When life took this unexpected turn, Boles had been preparing to return to his position as the director of the theater program he founded at the University of New Haven in Connecticut and Valcq was midway through his third season performing for Door Shakespeare. They had just purchased a vacation home in Door County.

Boles’ and Valcq’s roots in the theater world run deep and their accomplishments are impressive. They have each authored award-winning works; Valcq’s Spitfire Grill, written with AFT’s founder Fred Alley, won the illustrious Richard Rodgers Award and Boles’ one act play Birthday Boys received the Lipkin Prize for Playwriting.

Between them, they have directed, composed music for, acted, sung and danced in more theater, television and film productions across the country than seems possible for their years.

How did two such credentialed gentlemen find their way to Door County?

“High school music camp,” explains Valcq. “I met Jeff Herbst [longtime artistic director for AFT] and Fred Alley at Sellery Hall in Madison. Fred was too cool for camp, but he visited Jeff and we all got to know each other there.”

The Heritage Ensemble (AFT’s precursor) hired Valcq to cover for Alley during its second season.

Sturgeon Bay’s First Black Box Theater and Stage Door Theatre Company:  2011

One of the first things Boles and Valcq did when they assumed leadership of TAP in 2011 was to complete the long wished for renovation of a “black box” theater. Black box theater consists of a simple, somewhat unadorned performance space, usually a large square room with black walls and a flat floor.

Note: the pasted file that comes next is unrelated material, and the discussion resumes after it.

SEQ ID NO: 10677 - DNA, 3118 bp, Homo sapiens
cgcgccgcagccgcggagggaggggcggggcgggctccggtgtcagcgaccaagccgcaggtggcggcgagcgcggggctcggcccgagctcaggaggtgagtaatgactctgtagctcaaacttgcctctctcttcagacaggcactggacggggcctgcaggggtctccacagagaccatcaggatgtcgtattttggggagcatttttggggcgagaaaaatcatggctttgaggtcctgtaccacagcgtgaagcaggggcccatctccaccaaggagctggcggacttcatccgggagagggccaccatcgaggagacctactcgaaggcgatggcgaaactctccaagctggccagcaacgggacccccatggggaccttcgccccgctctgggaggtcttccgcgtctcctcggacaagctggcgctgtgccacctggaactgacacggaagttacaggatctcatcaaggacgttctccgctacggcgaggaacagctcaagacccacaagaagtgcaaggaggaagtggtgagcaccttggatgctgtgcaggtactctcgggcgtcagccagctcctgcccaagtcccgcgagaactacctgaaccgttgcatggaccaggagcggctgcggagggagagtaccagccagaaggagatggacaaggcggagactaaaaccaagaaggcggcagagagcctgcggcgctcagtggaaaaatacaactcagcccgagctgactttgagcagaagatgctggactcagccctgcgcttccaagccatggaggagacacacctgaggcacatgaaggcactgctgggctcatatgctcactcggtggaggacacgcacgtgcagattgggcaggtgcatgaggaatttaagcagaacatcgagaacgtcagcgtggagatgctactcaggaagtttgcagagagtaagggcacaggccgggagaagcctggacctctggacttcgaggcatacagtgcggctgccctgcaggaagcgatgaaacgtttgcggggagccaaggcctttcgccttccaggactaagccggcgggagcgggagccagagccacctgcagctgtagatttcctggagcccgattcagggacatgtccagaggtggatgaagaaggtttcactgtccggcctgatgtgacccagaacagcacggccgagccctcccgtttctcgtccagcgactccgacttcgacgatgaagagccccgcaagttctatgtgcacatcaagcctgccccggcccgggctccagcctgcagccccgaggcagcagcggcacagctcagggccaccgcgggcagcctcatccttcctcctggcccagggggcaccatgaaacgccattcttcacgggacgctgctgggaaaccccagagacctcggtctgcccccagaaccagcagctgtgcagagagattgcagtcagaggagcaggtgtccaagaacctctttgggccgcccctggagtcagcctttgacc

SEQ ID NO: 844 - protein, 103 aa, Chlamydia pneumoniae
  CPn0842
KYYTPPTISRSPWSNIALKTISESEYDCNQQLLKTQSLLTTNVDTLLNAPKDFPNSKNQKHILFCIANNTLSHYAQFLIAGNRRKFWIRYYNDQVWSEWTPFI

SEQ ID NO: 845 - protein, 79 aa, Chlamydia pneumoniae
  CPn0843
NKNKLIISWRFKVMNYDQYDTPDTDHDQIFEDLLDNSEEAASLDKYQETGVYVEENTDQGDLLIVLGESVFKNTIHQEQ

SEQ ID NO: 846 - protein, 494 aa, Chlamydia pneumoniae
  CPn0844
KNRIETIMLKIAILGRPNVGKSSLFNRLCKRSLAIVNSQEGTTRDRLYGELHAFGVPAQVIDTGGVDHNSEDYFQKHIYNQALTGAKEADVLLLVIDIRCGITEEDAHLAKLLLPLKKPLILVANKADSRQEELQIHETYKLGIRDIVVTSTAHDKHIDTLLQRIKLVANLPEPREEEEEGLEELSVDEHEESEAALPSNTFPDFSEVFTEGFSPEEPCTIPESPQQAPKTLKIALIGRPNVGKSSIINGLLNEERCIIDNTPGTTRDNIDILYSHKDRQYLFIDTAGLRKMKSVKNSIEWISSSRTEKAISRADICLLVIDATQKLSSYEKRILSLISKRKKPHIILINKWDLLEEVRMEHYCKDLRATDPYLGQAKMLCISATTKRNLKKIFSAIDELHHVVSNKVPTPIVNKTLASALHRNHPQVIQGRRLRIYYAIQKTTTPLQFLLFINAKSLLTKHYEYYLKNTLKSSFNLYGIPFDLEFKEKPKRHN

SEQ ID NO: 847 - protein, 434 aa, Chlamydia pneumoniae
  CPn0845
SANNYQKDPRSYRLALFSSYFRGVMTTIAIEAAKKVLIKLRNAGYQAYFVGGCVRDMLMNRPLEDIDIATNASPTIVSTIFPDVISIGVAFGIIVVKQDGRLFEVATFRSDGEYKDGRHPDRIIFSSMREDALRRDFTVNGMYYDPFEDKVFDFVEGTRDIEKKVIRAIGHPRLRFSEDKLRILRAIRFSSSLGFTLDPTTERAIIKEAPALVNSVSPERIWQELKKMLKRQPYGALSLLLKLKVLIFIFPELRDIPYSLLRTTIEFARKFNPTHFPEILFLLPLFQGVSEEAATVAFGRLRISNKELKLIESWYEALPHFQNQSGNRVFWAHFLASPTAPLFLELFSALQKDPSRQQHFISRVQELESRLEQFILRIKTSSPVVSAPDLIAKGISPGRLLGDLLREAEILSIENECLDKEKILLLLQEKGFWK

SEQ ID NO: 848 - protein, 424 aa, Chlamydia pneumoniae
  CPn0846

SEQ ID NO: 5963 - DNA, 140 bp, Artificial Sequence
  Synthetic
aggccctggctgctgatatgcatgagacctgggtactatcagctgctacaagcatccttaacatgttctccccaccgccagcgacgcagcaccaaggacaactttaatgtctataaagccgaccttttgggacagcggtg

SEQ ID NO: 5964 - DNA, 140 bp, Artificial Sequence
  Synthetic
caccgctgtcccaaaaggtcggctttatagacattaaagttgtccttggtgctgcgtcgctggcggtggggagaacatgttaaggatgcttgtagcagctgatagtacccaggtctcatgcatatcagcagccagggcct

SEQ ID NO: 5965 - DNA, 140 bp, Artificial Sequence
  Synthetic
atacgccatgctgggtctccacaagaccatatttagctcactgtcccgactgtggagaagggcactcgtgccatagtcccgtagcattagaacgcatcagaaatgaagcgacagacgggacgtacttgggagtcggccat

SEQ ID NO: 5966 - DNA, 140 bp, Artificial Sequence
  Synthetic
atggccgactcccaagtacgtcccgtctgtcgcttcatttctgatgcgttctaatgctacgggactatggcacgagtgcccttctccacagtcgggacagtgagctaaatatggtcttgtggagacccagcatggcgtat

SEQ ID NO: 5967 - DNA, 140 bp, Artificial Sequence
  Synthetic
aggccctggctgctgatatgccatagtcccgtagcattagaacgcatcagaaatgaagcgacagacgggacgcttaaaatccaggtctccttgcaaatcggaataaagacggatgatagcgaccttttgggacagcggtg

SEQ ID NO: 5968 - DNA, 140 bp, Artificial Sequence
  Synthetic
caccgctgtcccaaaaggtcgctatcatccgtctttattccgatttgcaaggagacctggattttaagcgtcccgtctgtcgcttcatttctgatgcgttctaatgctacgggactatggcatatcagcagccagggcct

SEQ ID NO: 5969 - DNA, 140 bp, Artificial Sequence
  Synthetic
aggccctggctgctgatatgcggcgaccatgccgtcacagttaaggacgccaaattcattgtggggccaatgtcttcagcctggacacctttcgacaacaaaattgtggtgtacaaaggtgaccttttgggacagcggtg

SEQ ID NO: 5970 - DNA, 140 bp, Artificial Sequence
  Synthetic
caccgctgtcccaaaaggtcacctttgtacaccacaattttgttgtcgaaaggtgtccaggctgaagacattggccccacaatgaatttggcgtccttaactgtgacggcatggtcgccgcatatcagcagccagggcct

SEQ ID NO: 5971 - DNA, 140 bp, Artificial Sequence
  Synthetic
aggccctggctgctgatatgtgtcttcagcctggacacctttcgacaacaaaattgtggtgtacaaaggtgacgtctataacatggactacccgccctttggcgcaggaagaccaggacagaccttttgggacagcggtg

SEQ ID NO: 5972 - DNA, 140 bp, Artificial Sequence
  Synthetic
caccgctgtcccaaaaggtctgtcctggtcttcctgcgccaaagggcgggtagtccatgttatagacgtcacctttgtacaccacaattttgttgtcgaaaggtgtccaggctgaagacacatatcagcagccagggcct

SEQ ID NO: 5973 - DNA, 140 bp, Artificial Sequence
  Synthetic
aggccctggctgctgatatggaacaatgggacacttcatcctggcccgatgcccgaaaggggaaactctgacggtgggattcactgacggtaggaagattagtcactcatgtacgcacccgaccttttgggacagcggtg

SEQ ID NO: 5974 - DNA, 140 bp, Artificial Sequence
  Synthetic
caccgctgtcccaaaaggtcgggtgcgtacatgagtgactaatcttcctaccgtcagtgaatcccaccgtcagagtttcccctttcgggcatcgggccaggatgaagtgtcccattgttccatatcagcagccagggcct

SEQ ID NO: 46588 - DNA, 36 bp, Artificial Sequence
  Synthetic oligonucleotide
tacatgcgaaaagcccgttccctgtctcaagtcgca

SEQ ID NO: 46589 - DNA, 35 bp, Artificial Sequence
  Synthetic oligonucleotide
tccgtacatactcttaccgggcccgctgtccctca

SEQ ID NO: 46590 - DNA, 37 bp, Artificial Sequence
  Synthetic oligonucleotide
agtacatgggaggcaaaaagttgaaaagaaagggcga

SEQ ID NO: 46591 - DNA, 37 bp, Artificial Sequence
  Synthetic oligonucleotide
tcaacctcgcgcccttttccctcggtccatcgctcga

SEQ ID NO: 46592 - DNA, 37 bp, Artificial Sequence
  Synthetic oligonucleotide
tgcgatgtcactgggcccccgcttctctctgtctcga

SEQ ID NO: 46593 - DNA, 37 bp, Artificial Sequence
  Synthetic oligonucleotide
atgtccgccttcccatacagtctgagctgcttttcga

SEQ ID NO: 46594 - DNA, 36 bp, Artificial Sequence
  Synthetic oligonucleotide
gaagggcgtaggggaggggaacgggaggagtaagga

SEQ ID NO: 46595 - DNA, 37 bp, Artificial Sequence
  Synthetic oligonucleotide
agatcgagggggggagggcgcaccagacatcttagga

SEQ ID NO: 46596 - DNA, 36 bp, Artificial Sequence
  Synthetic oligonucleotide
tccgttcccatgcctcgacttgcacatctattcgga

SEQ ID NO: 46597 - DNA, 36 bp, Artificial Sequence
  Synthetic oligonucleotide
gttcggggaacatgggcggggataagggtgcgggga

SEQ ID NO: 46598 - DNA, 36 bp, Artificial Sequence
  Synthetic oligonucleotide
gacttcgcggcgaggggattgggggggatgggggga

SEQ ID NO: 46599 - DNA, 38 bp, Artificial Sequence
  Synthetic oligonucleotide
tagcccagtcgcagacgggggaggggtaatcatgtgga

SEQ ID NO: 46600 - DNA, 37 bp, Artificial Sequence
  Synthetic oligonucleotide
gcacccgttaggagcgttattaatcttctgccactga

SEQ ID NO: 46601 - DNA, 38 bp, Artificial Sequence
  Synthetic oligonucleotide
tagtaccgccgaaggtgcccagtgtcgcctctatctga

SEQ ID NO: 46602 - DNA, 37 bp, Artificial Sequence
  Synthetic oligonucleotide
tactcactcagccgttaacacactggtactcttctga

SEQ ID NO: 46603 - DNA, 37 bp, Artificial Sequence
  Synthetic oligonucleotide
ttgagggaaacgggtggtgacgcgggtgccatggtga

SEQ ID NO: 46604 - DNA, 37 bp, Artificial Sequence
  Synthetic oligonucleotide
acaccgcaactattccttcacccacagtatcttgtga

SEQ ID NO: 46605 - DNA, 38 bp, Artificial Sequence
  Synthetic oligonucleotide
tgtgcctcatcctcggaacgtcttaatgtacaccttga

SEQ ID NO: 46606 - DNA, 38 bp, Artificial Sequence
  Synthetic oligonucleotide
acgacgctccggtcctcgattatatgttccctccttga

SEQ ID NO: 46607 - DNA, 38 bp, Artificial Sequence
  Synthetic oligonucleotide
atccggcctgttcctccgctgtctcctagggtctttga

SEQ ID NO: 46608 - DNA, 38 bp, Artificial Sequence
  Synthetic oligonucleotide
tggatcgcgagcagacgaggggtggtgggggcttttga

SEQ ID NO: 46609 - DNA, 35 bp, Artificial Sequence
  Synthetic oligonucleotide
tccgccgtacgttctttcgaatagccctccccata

Black box theaters became popular in the 1960s and ’70s when low-cost experimental theater was in its heyday. In addition to being relatively inexpensive to create, it is considered by many to be a place for “pure” theater, a place where the more intimate and human elements of theater upstage the technical.

Valcq recalls, “We were excited about the idea but we first had to clear out a mountain of accumulated stuff from what had been a storeroom – old sets and furniture. Then we unearthed chairs from the main theater that were being stored in the basement, hauled them upstairs and bolted them to the floor, all 84 of them. We then had to figure out how to create a freestanding structure for the lighting equipment. There’s no manual on how to do this stuff. I remember spending four or five hours on top of steel bars suspended over the stage.”

The work has been more than worth it as the black box space met immediately with rave reviews. Boles explains, “It’s a very intimate theater—‘up close and personal’ as we like to say. With the audience that close, you can’t fake anything.”

The new theater space gave birth to a new theater company. The Stage Door Theatre Company was founded in 2012 and joins AFT, Door Shakespeare and Peninsula Players Theatre as one of Door County’s four professional theaters.

According to Valcq, “The theaters in Door County co-exist in a spirit of collaboration, not competition. We share some of the same talent pool and audience, but we fill our own niche. Each organization has something distinctive to offer. There’s great variety for those who want to see theater in Door County. Third Avenue Playhouse offers a very intimate, indoor theater experience and we are the only one of the four that operates year round.”

A small performance space requires small cast productions. This has been no problem for Boles and Valcq.

“We have a phenomenal stable of actors, many of them professionally trained, and it allows us to showcase their individual talent.”